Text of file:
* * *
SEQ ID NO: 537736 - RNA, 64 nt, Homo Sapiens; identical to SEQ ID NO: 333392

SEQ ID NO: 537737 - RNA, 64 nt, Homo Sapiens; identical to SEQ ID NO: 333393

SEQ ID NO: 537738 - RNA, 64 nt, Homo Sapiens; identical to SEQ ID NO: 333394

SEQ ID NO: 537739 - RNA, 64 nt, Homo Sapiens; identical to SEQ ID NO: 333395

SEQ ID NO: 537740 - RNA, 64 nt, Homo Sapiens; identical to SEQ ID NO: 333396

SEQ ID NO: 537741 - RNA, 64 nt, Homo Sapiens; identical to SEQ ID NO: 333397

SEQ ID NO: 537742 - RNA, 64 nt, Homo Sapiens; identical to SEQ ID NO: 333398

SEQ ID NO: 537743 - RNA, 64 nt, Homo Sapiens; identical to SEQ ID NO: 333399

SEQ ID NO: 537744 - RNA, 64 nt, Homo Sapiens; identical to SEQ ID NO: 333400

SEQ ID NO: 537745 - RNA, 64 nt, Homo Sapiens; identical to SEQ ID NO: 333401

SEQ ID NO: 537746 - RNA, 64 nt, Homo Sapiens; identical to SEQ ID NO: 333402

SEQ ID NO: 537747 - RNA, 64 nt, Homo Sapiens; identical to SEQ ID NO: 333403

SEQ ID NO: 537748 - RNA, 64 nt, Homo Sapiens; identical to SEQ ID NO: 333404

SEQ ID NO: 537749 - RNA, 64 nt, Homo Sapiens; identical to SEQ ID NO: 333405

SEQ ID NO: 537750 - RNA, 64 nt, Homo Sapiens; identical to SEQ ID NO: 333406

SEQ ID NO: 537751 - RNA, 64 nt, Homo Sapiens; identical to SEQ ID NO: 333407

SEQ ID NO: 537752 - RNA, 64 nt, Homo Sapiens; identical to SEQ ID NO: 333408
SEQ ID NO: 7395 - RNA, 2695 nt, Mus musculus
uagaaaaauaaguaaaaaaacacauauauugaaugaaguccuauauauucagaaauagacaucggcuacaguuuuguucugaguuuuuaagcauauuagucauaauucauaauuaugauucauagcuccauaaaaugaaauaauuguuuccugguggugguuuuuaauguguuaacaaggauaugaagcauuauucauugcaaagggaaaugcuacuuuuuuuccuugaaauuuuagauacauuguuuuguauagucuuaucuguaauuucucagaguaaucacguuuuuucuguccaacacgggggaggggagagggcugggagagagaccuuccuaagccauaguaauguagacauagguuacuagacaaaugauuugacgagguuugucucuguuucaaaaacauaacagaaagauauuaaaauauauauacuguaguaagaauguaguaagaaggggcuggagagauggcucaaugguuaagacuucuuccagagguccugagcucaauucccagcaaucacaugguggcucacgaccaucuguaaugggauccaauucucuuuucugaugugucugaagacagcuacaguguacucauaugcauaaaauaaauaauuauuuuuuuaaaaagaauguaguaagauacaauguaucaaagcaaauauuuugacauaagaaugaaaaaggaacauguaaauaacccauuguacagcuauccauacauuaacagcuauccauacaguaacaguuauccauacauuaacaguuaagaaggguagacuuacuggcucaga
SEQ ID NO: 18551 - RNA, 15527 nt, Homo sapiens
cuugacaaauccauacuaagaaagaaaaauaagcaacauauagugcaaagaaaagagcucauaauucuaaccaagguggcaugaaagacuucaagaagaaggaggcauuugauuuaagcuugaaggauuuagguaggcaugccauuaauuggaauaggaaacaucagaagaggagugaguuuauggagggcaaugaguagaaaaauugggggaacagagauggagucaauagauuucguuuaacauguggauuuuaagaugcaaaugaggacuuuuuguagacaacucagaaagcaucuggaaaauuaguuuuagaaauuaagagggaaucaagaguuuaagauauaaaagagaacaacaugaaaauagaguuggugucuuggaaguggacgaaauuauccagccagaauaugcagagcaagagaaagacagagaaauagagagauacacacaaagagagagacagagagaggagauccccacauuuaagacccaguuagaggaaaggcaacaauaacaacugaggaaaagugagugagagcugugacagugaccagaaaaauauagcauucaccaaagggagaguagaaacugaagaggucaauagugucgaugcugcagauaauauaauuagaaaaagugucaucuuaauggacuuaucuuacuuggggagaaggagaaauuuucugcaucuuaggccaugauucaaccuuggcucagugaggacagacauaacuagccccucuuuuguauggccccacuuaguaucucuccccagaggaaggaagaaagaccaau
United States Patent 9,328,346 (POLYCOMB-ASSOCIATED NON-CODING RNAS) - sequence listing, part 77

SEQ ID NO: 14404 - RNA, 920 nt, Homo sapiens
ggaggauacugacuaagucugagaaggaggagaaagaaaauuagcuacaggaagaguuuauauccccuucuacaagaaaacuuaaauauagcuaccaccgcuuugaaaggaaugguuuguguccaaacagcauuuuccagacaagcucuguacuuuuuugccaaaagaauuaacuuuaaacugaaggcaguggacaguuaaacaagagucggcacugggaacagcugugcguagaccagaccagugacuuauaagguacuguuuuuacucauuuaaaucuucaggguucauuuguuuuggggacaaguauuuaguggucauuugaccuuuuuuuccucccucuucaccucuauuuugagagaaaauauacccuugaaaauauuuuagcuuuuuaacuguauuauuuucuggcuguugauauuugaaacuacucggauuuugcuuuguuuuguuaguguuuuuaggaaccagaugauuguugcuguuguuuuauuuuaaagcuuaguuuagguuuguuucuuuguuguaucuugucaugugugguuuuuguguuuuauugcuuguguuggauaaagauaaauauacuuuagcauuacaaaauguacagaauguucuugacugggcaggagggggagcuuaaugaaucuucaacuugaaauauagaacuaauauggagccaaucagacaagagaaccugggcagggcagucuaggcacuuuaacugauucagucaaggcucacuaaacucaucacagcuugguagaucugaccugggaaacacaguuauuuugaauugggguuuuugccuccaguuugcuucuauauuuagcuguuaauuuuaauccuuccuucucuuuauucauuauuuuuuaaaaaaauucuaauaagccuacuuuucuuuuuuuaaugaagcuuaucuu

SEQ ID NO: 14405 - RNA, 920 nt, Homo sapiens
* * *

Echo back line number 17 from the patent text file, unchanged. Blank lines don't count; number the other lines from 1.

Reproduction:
SEQ ID NO: 537752 - RNA, 64 nt, Homo Sapiens; identical to SEQ ID NO: 333408